By Danny Gazzi, AGM activist
Luckily I arrived in good time for the William Hill AGM in London, because my proxy appointment letter had been delayed in the Bank Holiday post, and the registrars couldn’t find any mention of me. A quick phone call, and ShareAction HQ sprang into action, and I was emailed a copy. By the time it arrived, the registrars had found their letter. Note to self: remember that ShareAction is AKA “Fairshare Educational Foundation”.
I am particularly interested in inequality and the Living Wage campaign. In 2016, ShareAction asked an AGM question about whether William Hill would consider becoming an accredited Living Wage employer. The reply then was that they had gone further than the minimum wage requirements in paying at least the adult statutory minimum (which the government has rebranded as the “National Living Wage”) to their under 25s as well as to older staff. Since then, the company has got a new chairman and CEO, and I asked for an update on its position.
The chairman started by saying that all their staff over 18 get at least the National Living Wage. When I objected that this was not what I asked, he admitted that he realised that. The chair of the remuneration committee then described how staff also have benefits such as a bonus scheme (see below) and a pension. However, this is really no more than most other companies provide. So it seems that very little has changed in the last two years.
I was also referred to the Director, UK Retail, whose division covers the betting shops and employs practically all of the lower paid staff, and I had a good long chat with her immediately after the meeting. She emphasised the financial problems that they have in retail (like all retail, but with the added current uncertainty over the limit on Fixed Odds Betting Terminals (FOBT)s; the result of the government review came out shortly afterwards). She didn’t have a business card on her, but promised that she would contact ShareAction to discuss having a follow up meeting, so that was a good result, and all the discussions were very friendly.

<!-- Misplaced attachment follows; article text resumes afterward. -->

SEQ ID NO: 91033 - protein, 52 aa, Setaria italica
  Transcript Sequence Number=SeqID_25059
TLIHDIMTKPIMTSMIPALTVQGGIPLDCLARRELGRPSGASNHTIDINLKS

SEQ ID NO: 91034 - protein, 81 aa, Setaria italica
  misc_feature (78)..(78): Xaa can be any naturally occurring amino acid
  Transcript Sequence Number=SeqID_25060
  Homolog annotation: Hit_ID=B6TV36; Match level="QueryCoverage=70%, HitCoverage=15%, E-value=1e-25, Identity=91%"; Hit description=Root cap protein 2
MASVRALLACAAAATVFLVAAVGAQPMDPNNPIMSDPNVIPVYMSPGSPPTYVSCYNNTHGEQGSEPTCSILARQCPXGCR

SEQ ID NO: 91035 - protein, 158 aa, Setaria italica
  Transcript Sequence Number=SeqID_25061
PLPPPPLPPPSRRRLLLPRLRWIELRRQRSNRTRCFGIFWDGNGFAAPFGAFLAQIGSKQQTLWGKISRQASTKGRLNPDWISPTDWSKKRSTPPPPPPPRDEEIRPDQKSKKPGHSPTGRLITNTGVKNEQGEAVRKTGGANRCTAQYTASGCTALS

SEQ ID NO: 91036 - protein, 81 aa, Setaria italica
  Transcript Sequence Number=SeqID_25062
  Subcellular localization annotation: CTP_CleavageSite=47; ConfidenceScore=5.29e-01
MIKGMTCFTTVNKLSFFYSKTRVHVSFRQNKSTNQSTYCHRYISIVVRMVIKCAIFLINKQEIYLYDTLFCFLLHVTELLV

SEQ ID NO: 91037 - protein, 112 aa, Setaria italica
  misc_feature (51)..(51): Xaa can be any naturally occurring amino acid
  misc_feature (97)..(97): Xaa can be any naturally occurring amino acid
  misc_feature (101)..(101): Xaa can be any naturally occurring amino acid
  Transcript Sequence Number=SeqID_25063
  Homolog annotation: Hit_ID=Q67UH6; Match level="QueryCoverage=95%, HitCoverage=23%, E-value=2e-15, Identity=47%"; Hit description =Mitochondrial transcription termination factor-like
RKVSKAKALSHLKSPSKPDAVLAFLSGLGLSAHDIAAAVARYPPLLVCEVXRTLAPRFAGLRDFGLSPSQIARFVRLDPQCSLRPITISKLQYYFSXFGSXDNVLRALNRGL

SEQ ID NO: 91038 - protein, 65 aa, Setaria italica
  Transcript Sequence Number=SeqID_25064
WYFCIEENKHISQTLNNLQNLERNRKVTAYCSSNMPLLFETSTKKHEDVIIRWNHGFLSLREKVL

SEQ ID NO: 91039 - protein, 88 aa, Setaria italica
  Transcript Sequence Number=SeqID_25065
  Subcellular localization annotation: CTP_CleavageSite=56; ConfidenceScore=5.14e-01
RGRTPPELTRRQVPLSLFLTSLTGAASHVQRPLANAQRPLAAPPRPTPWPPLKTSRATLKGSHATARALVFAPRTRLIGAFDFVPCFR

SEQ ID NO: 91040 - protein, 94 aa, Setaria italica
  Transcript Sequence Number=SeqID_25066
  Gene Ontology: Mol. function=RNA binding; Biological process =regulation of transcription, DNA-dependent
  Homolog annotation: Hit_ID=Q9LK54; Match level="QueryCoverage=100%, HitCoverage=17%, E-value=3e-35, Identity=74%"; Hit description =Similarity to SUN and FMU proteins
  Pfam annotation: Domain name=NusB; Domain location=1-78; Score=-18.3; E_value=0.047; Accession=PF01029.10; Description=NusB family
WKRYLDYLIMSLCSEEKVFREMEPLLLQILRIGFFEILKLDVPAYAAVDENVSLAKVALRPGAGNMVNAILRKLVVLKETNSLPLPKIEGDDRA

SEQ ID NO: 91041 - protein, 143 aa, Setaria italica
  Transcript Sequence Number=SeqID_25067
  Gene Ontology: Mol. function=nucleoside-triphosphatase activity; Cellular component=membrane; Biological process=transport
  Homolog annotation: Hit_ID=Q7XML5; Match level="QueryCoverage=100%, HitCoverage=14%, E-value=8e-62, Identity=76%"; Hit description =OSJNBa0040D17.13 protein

In 2016, ShareAction asked an AGM question at the bookmakers on the Living Wage, but it seems that very little has changed in the last two years.
Some other interesting points came out of the AGM. The chairman admitted that the gambling industry could have handled the FOBT consultation better. Over half of the betting shops’ income came from these. Since the AGM the maximum stake has been reduced from £100 to £2, every 20 seconds, in order to try to help people with a gambling addiction.
They company is planning an increase in the number of Self Service Betting Terminals, which will presumable reduce the number of shop staff.
I hadn’t known that in America sports betting was illegal. A Supreme Court ruling was expected soon after the AGM, and in fact the ban has now been lifted. William Hill hopes to be able to exploit this market from its toe hold in Las Vegas.
There was quite a bit of discussion and disquiet about the CEO’s total remuneration package of over £1.3 Million, including bonus, and 30% of the shareholdings voted against the remuneration report, compared with less than 2% last year, which is quite a rebellion. Let’s see how much effect this has in future years.
NOTES: The voluntary Living Wage, as calculated by the Living Wage Foundation, is currently £10.20/hour in London and £8.75 outside, for all over 18s.
The Minimum Wage (“National Living Wage”) is £7.83/hour for over 25s, and less for younger workers.
From the William Hill annual report, their median hourly rates are £8.66 for males and £8.17 for females. The median annual staff bonus is £202 for males and £166 for females. For comparison, the CEO’s bonus was £575,400.
So they have a long way to go yet!
Thanks Danny! To learn more about our campaign to get companies to pay a fair wage to all workers, click here.